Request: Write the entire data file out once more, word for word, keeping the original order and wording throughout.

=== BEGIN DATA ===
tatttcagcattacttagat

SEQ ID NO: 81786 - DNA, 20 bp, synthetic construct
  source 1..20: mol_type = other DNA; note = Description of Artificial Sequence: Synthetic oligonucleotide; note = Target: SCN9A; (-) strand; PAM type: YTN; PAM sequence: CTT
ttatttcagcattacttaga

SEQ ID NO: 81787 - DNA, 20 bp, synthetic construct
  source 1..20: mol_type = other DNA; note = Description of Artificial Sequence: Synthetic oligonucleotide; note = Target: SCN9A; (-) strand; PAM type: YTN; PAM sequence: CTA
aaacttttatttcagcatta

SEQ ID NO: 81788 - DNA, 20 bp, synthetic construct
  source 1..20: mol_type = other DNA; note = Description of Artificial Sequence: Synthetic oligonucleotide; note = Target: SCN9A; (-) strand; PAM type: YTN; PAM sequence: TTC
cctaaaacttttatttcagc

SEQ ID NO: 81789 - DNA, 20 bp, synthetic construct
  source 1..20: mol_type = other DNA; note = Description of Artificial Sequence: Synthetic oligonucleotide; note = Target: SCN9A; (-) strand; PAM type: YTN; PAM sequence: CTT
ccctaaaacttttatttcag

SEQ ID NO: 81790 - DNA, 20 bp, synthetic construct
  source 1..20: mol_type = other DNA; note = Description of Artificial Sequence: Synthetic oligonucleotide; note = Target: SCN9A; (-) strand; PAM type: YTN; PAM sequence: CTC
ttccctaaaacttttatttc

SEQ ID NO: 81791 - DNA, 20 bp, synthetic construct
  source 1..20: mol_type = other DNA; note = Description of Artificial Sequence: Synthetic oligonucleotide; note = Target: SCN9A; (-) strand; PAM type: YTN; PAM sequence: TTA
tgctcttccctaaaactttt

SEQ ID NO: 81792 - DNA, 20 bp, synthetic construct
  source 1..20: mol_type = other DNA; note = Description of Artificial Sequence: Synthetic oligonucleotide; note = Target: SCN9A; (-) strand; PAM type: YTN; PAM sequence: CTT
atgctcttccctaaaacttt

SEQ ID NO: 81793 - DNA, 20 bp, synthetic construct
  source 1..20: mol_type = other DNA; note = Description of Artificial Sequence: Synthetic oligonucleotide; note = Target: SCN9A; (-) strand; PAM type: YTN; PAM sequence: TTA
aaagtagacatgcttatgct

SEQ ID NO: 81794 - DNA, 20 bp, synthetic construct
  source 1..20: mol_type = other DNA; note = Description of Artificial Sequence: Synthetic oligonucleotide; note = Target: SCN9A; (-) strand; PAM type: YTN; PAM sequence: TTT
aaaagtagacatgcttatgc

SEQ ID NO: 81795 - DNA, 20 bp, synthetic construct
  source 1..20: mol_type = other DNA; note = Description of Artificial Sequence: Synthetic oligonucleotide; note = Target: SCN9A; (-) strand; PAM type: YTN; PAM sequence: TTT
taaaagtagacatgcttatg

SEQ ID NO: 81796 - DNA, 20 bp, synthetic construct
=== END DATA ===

tatttcagcattacttagat

SEQ ID NO: 81786 - DNA, 20 bp, synthetic construct
  source 1..20: mol_type = other DNA; note = Description of Artificial Sequence: Synthetic oligonucleotide; note = Target: SCN9A; (-) strand; PAM type: YTN; PAM sequence: CTT
ttatttcagcattacttaga

SEQ ID NO: 81787 - DNA, 20 bp, synthetic construct
  source 1..20: mol_type = other DNA; note = Description of Artificial Sequence: Synthetic oligonucleotide; note = Target: SCN9A; (-) strand; PAM type: YTN; PAM sequence: CTA
aaacttttatttcagcatta

SEQ ID NO: 81788 - DNA, 20 bp, synthetic construct
  source 1..20: mol_type = other DNA; note = Description of Artificial Sequence: Synthetic oligonucleotide; note = Target: SCN9A; (-) strand; PAM type: YTN; PAM sequence: TTC
cctaaaacttttatttcagc

SEQ ID NO: 81789 - DNA, 20 bp, synthetic construct
  source 1..20: mol_type = other DNA; note = Description of Artificial Sequence: Synthetic oligonucleotide; note = Target: SCN9A; (-) strand; PAM type: YTN; PAM sequence: CTT
ccctaaaacttttatttcag

SEQ ID NO: 81790 - DNA, 20 bp, synthetic construct
  source 1..20: mol_type = other DNA; note = Description of Artificial Sequence: Synthetic oligonucleotide; note = Target: SCN9A; (-) strand; PAM type: YTN; PAM sequence: CTC
ttccctaaaacttttatttc

SEQ ID NO: 81791 - DNA, 20 bp, synthetic construct
  source 1..20: mol_type = other DNA; note = Description of Artificial Sequence: Synthetic oligonucleotide; note = Target: SCN9A; (-) strand; PAM type: YTN; PAM sequence: TTA
tgctcttccctaaaactttt

SEQ ID NO: 81792 - DNA, 20 bp, synthetic construct
  source 1..20: mol_type = other DNA; note = Description of Artificial Sequence: Synthetic oligonucleotide; note = Target: SCN9A; (-) strand; PAM type: YTN; PAM sequence: CTT
atgctcttccctaaaacttt

SEQ ID NO: 81793 - DNA, 20 bp, synthetic construct
  source 1..20: mol_type = other DNA; note = Description of Artificial Sequence: Synthetic oligonucleotide; note = Target: SCN9A; (-) strand; PAM type: YTN; PAM sequence: TTA
aaagtagacatgcttatgct

SEQ ID NO: 81794 - DNA, 20 bp, synthetic construct
  source 1..20: mol_type = other DNA; note = Description of Artificial Sequence: Synthetic oligonucleotide; note = Target: SCN9A; (-) strand; PAM type: YTN; PAM sequence: TTT
aaaagtagacatgcttatgc

SEQ ID NO: 81795 - DNA, 20 bp, synthetic construct
  source 1..20: mol_type = other DNA; note = Description of Artificial Sequence: Synthetic oligonucleotide; note = Target: SCN9A; (-) strand; PAM type: YTN; PAM sequence: TTT
taaaagtagacatgcttatg

SEQ ID NO: 81796 - DNA, 20 bp, synthetic construct